There is no denying Canada’s labour movement is facing many challenges. Following the 2008 global economic crisis, the pressures being put on workers around the world, and their trade unions, has been at a level unseen since the great depression.
But the cynicism Canada’s news media displays towards the unions is unwarranted, and in many instances, completely baseless.
Take for example the recent convention of the Canadian Labour Congress. Over 4,000 labour leaders and activists from across the country gathered for a week in Montreal in what was possibly the largest union meeting in Canadian history.
It was a week of spirited discussions on issues facing workers and all Canadians. It also saw a hotly contested election to choose the leadership of the Canadian labour movement.
And it was virtually ignored by the reporters, editors and producers of Canada’s mainstream news outlets.
Granted, Canada’s news media is under its own pressures. Journalists, like all workers, are being asked to do more with less in a very competitive industry. While I could argue the news media has a duty to the public good – particularly the 3.3 million union members represented by the CLC – to make an effort to cover such a large and important convention, that is for another the day.
The more pressing and more insidious issue is the columnists and opinion writers who ignored the CLC proceedings, yet did not hesitate to publish broad, distorted and self-serving articles and columns in the guise of news.
Take for example, Terrance Corcoran, opinions editor of the Financial Post. While neither he, nor any reporter from his paper or its media conglomerate Post Media attended the CLC convention, he still brazenly published a column deriding and bashing the convention.
Armed only with what he could glean from social media and a few articles from other news outlets (who themselves did not attend the convention either), Mr. Corocoran managed to fill several column inches on the state of Canada’s labour movement.
All without talking to or interviewing one trade unionist.
If he had bothered to do so, his column may have been more accurate and factual.
His column prognosticated on declining union density in Canada’s private sector and on an overall basis. But he ignored the fact that amongst OECD nations, Canada’s overall density has basically been maintained over the past number of decades. A very different story than in the U.S. and many other countries, and one that doesn’t help support Mr. Corcoran’s well establish anti-union tilt.
Even when he does get a fact right, his interpretation is off.
While Mr. Corcoran postulates trade unions in Saskatchewan challenging the constitutionality of laws restricting public employees right to strike as a sign of union weakness, I would offer it is a collection of men and women, through their unions, advancing the argument that the Saskatchewan government is not above the law.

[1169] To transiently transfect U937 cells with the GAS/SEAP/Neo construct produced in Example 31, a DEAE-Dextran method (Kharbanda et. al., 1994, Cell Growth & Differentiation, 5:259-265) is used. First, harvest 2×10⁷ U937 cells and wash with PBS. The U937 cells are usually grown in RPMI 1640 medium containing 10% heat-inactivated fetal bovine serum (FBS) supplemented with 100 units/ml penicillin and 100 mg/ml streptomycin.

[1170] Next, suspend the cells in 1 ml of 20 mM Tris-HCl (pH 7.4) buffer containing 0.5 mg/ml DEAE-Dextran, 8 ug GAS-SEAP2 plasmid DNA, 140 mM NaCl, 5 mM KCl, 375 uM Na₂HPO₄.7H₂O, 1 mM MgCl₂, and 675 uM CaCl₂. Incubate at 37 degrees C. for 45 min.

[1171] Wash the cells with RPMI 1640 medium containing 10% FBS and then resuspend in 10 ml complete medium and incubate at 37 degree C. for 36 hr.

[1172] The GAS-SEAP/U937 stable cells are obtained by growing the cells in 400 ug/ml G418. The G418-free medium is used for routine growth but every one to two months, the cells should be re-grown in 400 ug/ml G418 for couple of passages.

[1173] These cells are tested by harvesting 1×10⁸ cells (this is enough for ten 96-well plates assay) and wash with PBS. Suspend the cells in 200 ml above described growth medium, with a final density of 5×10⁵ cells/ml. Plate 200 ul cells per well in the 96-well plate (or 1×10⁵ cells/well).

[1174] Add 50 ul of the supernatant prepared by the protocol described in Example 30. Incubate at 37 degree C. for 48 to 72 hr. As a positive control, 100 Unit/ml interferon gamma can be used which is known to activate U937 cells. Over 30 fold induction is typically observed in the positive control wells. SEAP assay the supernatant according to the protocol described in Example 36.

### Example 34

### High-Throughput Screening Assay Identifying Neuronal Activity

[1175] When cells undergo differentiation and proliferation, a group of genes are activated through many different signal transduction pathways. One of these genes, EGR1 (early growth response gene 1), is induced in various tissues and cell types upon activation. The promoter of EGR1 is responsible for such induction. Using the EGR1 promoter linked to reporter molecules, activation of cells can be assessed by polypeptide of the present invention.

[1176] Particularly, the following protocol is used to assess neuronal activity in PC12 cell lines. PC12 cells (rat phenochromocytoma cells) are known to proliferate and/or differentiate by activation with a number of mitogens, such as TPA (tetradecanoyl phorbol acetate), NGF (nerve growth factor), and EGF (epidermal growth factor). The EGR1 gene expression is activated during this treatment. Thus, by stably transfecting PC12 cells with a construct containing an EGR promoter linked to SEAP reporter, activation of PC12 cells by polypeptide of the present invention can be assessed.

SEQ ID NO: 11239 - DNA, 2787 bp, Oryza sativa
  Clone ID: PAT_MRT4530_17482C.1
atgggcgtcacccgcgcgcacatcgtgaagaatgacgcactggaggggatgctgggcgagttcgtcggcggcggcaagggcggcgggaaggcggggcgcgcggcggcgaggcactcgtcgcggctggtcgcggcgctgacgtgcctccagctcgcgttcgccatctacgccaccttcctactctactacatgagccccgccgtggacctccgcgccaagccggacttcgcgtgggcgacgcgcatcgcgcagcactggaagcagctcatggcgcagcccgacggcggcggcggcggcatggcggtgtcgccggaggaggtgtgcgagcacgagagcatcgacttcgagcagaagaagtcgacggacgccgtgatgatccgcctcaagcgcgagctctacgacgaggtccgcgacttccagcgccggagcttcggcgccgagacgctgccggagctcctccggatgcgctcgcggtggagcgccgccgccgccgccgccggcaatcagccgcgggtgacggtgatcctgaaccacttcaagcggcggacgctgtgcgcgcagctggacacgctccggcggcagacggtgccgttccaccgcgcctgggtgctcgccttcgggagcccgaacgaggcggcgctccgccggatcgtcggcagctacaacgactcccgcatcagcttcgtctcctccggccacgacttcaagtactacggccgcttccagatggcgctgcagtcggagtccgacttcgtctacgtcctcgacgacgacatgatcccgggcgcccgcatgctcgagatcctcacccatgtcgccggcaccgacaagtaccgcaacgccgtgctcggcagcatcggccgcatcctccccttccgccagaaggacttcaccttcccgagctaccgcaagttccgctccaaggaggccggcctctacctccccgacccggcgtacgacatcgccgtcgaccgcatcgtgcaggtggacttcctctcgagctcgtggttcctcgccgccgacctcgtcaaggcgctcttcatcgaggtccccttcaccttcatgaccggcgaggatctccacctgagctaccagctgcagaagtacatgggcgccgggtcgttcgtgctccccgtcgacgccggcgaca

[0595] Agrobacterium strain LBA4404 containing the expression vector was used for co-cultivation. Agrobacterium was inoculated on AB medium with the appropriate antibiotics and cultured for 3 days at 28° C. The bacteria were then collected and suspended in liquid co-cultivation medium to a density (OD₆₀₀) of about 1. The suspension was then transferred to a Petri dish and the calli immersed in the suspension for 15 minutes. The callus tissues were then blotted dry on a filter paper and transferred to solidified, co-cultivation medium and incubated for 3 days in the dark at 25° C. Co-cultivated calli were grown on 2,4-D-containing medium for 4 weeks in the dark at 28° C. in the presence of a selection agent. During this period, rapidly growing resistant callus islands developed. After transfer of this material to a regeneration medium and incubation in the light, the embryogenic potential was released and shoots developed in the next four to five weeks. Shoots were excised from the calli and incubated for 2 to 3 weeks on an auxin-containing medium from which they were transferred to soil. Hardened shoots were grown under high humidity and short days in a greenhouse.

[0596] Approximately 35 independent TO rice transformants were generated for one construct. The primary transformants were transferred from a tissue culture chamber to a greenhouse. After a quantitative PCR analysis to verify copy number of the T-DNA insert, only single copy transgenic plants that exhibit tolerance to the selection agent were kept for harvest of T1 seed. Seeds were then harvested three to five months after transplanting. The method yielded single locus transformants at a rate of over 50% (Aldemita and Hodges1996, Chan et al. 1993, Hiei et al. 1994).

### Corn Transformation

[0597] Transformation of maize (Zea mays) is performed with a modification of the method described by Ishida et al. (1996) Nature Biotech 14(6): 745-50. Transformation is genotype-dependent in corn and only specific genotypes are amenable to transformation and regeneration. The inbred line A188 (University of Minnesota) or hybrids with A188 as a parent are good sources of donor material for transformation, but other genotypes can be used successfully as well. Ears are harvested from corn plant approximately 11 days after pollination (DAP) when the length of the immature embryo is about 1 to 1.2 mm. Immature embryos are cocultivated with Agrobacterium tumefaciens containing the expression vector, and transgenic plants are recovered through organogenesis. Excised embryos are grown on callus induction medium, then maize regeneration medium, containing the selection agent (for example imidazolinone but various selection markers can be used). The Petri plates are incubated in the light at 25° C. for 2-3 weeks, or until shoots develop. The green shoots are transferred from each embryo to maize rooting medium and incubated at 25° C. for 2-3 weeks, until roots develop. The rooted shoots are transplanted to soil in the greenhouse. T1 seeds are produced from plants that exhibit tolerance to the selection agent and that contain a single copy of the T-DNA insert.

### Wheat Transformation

Corcoran correctly reports that Unilever has decided to close their Bramalea, ON operations and move them to the U.S., throwing 280 unionized workers out of a job. He concludes that belonging to a union didn’t help the Unilever employees.
But isn’t it more plausible they were victims alongside the other 500,000 manufacturing workers who have lost their jobs due to Canada’s trade deal concessions and our country’s absence of any discernible industrial strategy?
Irresponsible trade deals, big bets on the sale of raw resources, over-reliance on the Temporary Foreign Workers program as a wage subsidy to corporations – these issues all contribute to Canada’s decline as a nation that builds things, and were overarching themes at the CLC convention.
If any journalist is going to give Canadians an accurate picture of how these issues will affect them, is there no responsibility to offer different perspectives? Is there no responsibility to listen and understand the debate in trade unions on these pressing issues? Is there no responsibility to at least talk to a union leader before making pronouncements on their leadership?
While it does make our jobs as union leaders harder, this willful ignorance does not hurt us most. It’s the Canadian worker – union and non-union alike – who lose the most.
Without journalists reporting, they missed high level debates on Canada’s most pressing retirement security issue, that being Canadians growing anxiety about their not being prepared for retirement due to the absence of legitimate savings options. They missed rigorous debates on the future of Canada Post, income inequality in Canada, and our responsibility as Canadians to Indigenous peoples.
Granted, Mr. Corcoran’s views are more in tune with the readership of the Financial Post. But Canadians deserve a news media that accurately reflects public debate, and doesn’t just reinforce the prejudices and ready held opinions of their readers.
Canada’s unions are part of a modern and vibrant movement, one the delivers results to our members on a daily basis. It is a movement that stands for fairness for all Canadians.
It is fact that Canada’s trade unions push hard for rights for all workers and for a Canada that embraces programs like Medicare, public education and essential municipal services such as water and public safety.
On these key issues the values of the labour movement and Canadians align.
Ignoring these facts will not make them go away, nor will ignoring unions make us and the work we do go away either.